storing, transporting cakes…
Posted: 03 February 2009 09:06 PM   [ Ignore ]
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Question for you all: How do you store / transport your cakes? 

Usually when I make a regular say 2-3 layer round cake, i put it in my cake taker and bring it on. Now that I am making bigger cakes, i am thinking- how am I supposed to get this to the destination??

When reading TCB, it says how long cakes/frostings will last.. Everything always seems to last longer refrigerated (say, after you decorate it), so do you guys just throw your cakes in the fridge in a box or something??  I think i’ve seen boxes at Michaels, is that what you all use?? OR do you just recommend keeping the cake out in room temp before you bring it (This would be for say mousseline which is put onto a cake a day AHEAD it is suppposed to be eaten). I’m thinking if the frosting is only good for 2 days, then the cake HAS to be eaten within 2 days, or else can you put it BACK in teh fridge and it will last longer??

I bet you this post might be confusing lol.

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Posted: 04 February 2009 01:22 PM   [ Ignore ]   [ # 1 ]
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for a mousseline cake, I put it in the fridge till it gets hatd like a stick of butter, about 1 hour.  then I wrap it with stretchtight.  sometimes I put the cake in a box, then wrap it.  The idea is to keep it airtight

out of the fridge, I remove the wrap and put it in a box.  sometimes I wrap over the box with stretchtight.

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Posted: 04 February 2009 01:44 PM   [ Ignore ]   [ # 2 ]
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leave it in the fridge until you deliver unless you know they will be serving it within a few hours. two days at room temp? no. figure no longer than 8 hours at room temperature including the time it takes to come to temp.  Health and safety guidelines suggest throwing items away after 6 hours at room temp.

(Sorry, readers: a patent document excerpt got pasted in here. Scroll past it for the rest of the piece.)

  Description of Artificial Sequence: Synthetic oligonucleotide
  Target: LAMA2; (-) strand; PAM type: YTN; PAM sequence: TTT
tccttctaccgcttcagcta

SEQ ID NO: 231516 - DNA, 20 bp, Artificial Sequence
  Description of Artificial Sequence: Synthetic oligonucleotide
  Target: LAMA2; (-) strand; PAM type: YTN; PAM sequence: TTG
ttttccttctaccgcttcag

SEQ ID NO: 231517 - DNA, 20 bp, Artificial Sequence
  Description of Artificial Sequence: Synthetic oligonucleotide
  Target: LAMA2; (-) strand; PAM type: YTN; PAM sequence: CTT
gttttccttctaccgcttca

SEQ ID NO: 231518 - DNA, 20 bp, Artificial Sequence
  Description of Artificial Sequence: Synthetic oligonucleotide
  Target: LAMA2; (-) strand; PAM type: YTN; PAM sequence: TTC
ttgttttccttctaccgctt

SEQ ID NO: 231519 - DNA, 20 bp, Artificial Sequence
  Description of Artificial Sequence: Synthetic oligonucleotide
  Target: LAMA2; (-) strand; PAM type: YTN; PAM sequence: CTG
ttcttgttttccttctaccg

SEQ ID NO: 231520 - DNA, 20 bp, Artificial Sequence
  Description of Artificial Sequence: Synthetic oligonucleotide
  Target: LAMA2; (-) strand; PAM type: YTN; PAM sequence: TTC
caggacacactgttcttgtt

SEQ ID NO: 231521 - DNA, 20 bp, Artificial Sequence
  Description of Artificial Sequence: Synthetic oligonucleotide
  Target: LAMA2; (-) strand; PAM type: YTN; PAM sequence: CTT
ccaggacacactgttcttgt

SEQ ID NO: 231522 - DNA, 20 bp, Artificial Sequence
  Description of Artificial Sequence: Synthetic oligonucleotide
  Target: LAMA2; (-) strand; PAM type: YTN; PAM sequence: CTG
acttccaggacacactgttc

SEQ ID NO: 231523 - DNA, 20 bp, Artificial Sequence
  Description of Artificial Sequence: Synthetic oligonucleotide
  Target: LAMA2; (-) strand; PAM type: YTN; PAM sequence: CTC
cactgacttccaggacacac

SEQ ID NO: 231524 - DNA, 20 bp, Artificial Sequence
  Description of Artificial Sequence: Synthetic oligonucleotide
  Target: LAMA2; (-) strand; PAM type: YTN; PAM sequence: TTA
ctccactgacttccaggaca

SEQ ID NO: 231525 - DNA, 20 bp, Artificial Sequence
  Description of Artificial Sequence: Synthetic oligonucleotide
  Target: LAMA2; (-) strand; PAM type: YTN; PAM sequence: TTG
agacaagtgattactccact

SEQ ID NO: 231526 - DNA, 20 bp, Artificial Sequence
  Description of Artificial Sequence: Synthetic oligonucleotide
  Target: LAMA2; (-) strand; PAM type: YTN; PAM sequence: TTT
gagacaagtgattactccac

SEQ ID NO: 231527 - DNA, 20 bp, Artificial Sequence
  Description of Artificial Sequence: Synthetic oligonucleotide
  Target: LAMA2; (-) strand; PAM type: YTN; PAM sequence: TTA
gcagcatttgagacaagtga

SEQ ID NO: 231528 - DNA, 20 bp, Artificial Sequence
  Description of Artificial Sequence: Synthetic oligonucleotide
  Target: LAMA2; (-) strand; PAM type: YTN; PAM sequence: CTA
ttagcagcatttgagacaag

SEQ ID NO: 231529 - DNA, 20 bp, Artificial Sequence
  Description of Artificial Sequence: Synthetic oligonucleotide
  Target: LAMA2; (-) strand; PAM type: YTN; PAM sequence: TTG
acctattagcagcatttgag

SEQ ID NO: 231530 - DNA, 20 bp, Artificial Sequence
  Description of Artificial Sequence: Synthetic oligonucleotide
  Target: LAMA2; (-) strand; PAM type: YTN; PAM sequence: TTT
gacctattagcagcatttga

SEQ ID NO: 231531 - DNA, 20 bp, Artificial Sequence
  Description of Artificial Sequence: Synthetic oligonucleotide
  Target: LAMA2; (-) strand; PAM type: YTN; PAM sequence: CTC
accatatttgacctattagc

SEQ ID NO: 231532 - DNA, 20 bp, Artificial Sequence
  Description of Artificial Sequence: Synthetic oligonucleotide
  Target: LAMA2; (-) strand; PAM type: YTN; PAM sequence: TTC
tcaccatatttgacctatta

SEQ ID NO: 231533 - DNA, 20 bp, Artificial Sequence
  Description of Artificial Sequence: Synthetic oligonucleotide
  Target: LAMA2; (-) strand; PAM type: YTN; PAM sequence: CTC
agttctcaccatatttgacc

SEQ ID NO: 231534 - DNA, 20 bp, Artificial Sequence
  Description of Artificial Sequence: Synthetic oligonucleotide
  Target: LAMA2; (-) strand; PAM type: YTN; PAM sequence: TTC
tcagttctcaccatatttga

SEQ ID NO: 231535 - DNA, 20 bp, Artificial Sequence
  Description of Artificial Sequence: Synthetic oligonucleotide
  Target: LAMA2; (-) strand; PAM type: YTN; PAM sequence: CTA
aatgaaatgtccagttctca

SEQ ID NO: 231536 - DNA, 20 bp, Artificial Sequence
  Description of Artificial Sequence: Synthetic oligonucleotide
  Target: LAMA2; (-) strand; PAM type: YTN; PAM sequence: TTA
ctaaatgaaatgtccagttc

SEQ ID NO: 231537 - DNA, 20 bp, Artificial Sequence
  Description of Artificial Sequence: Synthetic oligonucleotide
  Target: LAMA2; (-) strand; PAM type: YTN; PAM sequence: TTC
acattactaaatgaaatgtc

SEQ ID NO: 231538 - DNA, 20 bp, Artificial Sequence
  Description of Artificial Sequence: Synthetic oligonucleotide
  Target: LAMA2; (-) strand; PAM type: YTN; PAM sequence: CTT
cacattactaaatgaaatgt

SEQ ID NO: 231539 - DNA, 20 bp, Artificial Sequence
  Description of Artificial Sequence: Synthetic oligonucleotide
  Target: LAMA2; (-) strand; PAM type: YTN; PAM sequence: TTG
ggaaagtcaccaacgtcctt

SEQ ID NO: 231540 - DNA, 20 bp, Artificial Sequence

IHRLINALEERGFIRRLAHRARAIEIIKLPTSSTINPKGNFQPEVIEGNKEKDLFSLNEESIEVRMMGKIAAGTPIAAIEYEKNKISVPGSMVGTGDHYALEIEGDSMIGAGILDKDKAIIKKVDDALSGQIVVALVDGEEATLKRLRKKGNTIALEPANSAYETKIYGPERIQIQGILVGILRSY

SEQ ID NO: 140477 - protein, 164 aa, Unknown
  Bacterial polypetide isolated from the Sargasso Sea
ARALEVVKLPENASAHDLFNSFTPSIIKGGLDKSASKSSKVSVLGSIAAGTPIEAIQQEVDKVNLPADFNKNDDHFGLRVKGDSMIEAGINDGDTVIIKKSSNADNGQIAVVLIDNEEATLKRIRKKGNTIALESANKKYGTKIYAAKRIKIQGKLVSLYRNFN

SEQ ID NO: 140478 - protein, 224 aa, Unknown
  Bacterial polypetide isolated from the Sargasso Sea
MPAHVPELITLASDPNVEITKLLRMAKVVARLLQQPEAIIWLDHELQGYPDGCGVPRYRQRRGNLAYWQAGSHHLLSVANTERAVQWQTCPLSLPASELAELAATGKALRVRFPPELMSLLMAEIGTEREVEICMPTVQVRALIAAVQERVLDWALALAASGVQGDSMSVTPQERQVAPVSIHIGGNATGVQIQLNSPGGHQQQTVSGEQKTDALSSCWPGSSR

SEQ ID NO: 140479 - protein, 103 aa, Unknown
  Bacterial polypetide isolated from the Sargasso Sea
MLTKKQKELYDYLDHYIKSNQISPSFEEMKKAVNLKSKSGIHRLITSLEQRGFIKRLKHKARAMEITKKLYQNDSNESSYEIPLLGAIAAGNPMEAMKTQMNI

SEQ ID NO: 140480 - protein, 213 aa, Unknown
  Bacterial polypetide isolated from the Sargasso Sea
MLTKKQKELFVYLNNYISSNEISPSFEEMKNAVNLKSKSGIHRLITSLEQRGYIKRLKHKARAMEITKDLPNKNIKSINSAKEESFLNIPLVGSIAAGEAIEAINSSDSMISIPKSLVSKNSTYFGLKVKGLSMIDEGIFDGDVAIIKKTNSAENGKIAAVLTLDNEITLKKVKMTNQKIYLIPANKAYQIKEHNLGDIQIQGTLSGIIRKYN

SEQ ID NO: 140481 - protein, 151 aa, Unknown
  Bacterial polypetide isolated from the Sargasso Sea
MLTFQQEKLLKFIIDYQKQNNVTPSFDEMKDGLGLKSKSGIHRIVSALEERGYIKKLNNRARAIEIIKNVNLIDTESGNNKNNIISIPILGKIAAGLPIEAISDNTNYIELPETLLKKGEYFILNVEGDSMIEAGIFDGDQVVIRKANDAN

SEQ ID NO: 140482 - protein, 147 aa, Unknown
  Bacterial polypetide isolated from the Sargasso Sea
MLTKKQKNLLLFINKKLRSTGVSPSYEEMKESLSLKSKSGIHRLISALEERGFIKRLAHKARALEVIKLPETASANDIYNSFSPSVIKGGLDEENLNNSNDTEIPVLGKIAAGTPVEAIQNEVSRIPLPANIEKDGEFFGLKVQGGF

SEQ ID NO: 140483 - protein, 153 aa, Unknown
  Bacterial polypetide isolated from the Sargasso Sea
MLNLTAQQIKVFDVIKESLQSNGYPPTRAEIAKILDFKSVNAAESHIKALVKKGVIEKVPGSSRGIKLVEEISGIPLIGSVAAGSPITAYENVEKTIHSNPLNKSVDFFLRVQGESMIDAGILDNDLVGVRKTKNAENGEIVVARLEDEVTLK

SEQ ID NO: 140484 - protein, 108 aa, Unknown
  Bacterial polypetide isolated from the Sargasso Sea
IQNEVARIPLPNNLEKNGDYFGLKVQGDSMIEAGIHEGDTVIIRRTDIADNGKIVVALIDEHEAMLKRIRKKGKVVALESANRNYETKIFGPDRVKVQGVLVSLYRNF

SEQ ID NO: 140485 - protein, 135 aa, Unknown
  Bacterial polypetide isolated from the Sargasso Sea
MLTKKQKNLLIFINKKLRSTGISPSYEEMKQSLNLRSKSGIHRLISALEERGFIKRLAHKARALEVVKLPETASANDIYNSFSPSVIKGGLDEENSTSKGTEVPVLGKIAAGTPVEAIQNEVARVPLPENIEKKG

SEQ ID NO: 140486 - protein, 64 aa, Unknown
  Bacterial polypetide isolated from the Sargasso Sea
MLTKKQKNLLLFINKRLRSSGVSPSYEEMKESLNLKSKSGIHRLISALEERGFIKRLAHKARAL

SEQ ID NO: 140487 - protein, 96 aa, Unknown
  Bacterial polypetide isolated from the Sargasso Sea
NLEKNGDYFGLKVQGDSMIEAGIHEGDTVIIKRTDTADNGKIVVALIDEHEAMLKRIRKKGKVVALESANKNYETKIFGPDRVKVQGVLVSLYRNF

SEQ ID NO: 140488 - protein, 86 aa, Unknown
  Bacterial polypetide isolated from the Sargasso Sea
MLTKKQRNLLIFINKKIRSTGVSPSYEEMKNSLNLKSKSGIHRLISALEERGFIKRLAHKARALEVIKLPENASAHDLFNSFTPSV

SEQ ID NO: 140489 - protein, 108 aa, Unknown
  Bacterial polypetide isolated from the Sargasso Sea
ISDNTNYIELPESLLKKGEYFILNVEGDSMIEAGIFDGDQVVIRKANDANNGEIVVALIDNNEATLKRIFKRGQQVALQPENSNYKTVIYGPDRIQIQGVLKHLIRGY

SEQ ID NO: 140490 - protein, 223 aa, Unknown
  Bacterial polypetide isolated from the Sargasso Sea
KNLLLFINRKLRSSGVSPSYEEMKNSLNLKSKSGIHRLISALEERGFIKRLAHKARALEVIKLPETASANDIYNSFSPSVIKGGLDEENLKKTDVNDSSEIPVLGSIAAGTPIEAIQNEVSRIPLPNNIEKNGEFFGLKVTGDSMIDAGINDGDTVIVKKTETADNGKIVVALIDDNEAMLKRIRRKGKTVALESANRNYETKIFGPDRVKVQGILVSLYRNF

if this is a cake you are making and serving yourself then i would bring it to room temp before taking it to the party and put it back in the fridge after serving. 2 days guarantees that you won’t poison a client. but the cakes do last longer if taken care of. if the cake is for your personal use then you can be a bit looser with the times. we leave the cake out on the counter and it’s usually gone within 12 hours.

i buy my boxes from brp.com they don’t charge for shipping. if you only need one or two the bakery at your grocery store will sell it too you super cheap or even give you a box.

if it’s a tiered cake i just make sure it’s on a very supportive base and put it on a towel in the trunk of my car.

for a large, layered cake it does take a couple of hours for the insides to soften, so you do have to take it into account. figure on the 8 hour rule and do your math.

jen

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Posted: 04 February 2009 01:56 PM   [ Ignore ]   [ # 3 ]
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I use boxes.  I buy boxes in bulk online for 2 - 3 layer 8 or 9 inch cakes (They are sequestered all over my apartment).  For anything bigger I buy a box at NY cake and baking or at the Broadway Panhandler (Local NY stores) and they have all sizes.  I’m a little obsessive, so I place the cake in the box, then put the box in a large plastic garbage bag and tie that shut so it is essentially air tight.  I keep it refregerated until delivery.

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Posted: 04 February 2009 02:07 PM   [ Ignore ]   [ # 4 ]
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ok great. I like the idea of putting a bag around the box, ill probably do that. I never thought of asking Wegmans for a box, I am going to try that!!

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Posted: 06 February 2009 02:13 PM   [ Ignore ]   [ # 5 ]
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I can buy boxes from my local bakery.  They charge me less than $1 per box.  For less formal occasions, I just use any old cardboard box I have hanging around.  Definitely transport the cake cold.  I also like to put non-skid mats in the box under the cake, and under the box in the truck or cargo area.

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Posted: 06 February 2009 02:14 PM   [ Ignore ]   [ # 6 ]
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Oh, if you have a bumpy ride, you can put a nice piece of upholstery foam under the cake to help absorb shock.

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Posted: 06 February 2009 02:45 PM   [ Ignore ]   [ # 7 ]
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yeah we know roads around here are big time bumpy!

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Posted: 24 May 2009 12:26 AM   [ Ignore ]   [ # 8 ]
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Has anyone ever transported unmolded tarte tatin?  I’m going to make several of them for a rehearsal dinner and I have to deliver them earlier that day.  Would it be safe for me to unmold them onto cake rounds and box them?  Usually, I unmold the tatin shortly before serving, so I don’t have experience with this.  If it won’t work, I’ll suggest something else to the hostess.  I’m just concerned that the sides of the tatin could slip during transport.

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